(19) Where any of the persons specified in subsection (20) has reason to believe that no trustee of a purpose trust is a designated person or that no designated person is likely in the immediate future to be appointed as a trustee pursuant to the terms of the trust instrument, that person shall use all reasonable endeavours to secure the appointment of a designated person as a trustee of the trust and if such endeavours fail to result in such an appointment he shall make an application to the Court for the appointment of a designated person pursuant to the provisions of subsection (21).

(20) The persons referred to in subsection (19) are

(a) any trustee of the trust who is not a designated person;

(b) the enforcer of the trust.

(21) If, at any time following its creation, a purpose trust does not have at least one trustee who is a designated person, on the application in relation to the trust by any of the following persons:

(a) the settlor, unless the trust instrument provides otherwise,

(b) any existing trustee of the trust,

(c) the enforcer of the trust, or

(d) the Attorney General,

the Court shall make an order appointing a designated person as a trustee of the trust.

(22) On an application in relation to a purpose trust by

(a) any person appointed by the instrument declaring or evidencing the trust for the purposes of this subsection,

(b) the settlor, unless the trust instrument provides otherwise,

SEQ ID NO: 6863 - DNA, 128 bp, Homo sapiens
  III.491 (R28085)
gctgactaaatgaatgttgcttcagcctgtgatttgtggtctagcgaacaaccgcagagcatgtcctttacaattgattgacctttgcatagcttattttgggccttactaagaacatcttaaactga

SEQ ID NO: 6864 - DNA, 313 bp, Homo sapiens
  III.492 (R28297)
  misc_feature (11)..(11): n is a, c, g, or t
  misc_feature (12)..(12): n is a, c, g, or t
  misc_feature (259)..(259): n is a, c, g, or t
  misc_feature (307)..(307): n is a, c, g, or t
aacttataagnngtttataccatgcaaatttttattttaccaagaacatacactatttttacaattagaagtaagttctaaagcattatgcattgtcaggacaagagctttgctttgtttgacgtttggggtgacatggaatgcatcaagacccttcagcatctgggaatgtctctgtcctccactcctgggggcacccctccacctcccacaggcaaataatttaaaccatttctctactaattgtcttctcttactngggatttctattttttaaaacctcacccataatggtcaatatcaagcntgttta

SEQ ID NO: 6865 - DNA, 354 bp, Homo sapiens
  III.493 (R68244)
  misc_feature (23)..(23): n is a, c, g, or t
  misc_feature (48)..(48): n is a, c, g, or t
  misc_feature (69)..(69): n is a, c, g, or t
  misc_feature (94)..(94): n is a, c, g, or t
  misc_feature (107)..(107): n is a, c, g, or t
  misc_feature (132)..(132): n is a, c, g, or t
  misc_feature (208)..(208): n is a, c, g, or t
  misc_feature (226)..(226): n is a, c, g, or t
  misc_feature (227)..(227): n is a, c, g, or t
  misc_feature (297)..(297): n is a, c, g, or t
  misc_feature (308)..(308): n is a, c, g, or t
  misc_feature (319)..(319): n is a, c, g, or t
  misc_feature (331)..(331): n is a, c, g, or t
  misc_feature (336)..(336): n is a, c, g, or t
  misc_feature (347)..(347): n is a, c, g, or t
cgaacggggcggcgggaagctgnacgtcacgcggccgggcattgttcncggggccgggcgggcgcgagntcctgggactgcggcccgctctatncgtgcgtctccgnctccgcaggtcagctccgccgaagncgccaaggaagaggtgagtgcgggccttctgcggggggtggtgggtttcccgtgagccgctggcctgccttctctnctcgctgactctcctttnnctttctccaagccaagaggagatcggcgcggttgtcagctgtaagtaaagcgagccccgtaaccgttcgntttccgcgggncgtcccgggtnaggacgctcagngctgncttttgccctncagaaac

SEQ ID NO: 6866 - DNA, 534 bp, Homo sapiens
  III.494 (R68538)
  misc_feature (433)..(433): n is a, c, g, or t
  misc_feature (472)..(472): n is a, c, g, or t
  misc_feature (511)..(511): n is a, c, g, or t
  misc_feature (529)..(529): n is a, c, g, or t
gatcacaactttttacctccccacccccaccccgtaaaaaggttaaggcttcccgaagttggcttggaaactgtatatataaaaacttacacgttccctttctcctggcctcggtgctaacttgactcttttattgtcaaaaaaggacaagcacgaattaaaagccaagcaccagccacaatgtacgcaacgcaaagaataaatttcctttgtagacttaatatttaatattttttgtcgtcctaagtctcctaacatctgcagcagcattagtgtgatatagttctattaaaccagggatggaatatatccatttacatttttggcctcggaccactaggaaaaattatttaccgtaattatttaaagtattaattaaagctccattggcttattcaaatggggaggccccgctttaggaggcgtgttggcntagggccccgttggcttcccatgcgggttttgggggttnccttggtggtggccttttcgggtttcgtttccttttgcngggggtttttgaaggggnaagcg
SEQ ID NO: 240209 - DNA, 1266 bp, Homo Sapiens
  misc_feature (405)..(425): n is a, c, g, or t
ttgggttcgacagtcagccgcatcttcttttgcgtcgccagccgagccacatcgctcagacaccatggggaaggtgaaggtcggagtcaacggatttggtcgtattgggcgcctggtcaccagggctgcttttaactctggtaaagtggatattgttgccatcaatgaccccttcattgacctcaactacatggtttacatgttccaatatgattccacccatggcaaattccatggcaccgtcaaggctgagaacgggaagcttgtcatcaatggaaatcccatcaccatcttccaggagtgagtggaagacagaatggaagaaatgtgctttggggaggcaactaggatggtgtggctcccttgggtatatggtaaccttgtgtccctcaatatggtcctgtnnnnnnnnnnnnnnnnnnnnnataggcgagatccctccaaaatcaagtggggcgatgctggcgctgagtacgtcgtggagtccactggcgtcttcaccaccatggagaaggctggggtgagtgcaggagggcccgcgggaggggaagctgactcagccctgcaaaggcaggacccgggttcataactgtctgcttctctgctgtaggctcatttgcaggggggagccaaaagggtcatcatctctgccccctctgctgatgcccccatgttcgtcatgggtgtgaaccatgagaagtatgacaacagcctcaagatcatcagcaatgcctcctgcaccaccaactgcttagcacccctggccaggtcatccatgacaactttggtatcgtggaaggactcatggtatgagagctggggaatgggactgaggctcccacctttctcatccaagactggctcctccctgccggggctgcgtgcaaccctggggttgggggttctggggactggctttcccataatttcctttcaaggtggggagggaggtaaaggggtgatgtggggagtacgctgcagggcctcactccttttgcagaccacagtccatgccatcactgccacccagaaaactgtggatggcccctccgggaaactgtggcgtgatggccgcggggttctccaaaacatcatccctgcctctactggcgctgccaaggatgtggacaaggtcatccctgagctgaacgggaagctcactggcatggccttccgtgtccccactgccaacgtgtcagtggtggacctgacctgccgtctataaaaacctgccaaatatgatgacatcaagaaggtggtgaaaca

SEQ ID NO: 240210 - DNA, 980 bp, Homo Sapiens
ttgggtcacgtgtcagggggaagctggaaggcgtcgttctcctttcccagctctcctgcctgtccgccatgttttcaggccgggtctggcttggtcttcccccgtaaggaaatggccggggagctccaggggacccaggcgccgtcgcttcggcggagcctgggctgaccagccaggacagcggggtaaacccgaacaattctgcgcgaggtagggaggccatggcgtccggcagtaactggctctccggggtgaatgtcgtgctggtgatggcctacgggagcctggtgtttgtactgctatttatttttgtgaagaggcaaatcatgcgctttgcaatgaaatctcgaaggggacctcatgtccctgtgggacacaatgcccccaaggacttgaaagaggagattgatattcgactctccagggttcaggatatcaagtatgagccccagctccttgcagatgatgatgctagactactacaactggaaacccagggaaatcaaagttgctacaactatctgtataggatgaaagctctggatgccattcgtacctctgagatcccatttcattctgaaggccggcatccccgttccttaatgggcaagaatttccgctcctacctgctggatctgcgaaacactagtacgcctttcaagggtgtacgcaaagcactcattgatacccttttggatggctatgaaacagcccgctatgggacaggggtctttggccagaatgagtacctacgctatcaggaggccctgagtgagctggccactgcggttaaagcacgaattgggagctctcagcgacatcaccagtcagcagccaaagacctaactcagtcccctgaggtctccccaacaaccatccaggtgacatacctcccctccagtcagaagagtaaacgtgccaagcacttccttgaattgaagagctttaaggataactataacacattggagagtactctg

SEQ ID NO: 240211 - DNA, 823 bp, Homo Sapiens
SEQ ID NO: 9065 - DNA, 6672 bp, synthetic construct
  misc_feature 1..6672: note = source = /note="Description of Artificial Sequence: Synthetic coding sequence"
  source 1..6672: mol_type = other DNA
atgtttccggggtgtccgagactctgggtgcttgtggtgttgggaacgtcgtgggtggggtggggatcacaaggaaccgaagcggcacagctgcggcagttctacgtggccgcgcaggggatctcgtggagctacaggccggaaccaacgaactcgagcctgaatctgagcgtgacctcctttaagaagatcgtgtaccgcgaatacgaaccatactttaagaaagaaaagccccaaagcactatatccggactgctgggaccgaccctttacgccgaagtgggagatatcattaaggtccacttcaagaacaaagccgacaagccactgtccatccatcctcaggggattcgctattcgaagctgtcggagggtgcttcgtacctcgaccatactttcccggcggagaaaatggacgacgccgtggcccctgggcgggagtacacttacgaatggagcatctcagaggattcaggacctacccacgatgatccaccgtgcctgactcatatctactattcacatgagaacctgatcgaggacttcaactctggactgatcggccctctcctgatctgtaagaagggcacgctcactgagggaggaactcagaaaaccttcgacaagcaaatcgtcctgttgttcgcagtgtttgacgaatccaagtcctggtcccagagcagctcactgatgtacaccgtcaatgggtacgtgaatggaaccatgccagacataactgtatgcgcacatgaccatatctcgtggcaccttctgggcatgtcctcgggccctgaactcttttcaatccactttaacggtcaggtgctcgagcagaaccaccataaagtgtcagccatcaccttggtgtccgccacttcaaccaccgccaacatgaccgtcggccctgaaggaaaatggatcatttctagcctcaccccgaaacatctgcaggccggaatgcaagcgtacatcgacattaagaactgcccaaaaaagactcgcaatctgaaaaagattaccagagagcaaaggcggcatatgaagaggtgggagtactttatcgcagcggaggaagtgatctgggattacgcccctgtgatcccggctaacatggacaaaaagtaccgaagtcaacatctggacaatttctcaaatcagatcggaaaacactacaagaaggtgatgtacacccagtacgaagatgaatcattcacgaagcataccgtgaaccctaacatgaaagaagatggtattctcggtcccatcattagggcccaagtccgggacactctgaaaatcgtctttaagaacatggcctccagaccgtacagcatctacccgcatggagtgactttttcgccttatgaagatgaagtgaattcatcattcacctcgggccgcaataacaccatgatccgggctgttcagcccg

(c) a trustee of the trust, or

(d) the enforcer of the trust,

the Court may in such manner as it thinks fit vary any of the purposes of the trust, or enlarge or otherwise vary any of the powers of the trustees or other provisions of the trust.

(23) In exercising the powers conferred upon it by subsection (22), the Court shall have regard to such factors as the Court thinks material which may include

(a) such changes in circumstances since the trust was created as are in the opinion of the Court relevant; and

(b) such factors and proposals as are set out in the application.

(24) The changes in circumstances referred to in subsection (23)(a) may include the fact that the execution of the trust in accordance with its terms has become in whole or in part

(a) impossible or impracticable;

(b) unlawful or contrary to public policy; or

(c) obsolete in that, by reason of changed circumstances, it fails to achieve the intention of the settlor and the spirit of the gift.

(25) Where any costs are incurred in connection with an application under subsection (22), the Court may make such order as it considers just as to payment of those costs, including payment out of the property of the trust.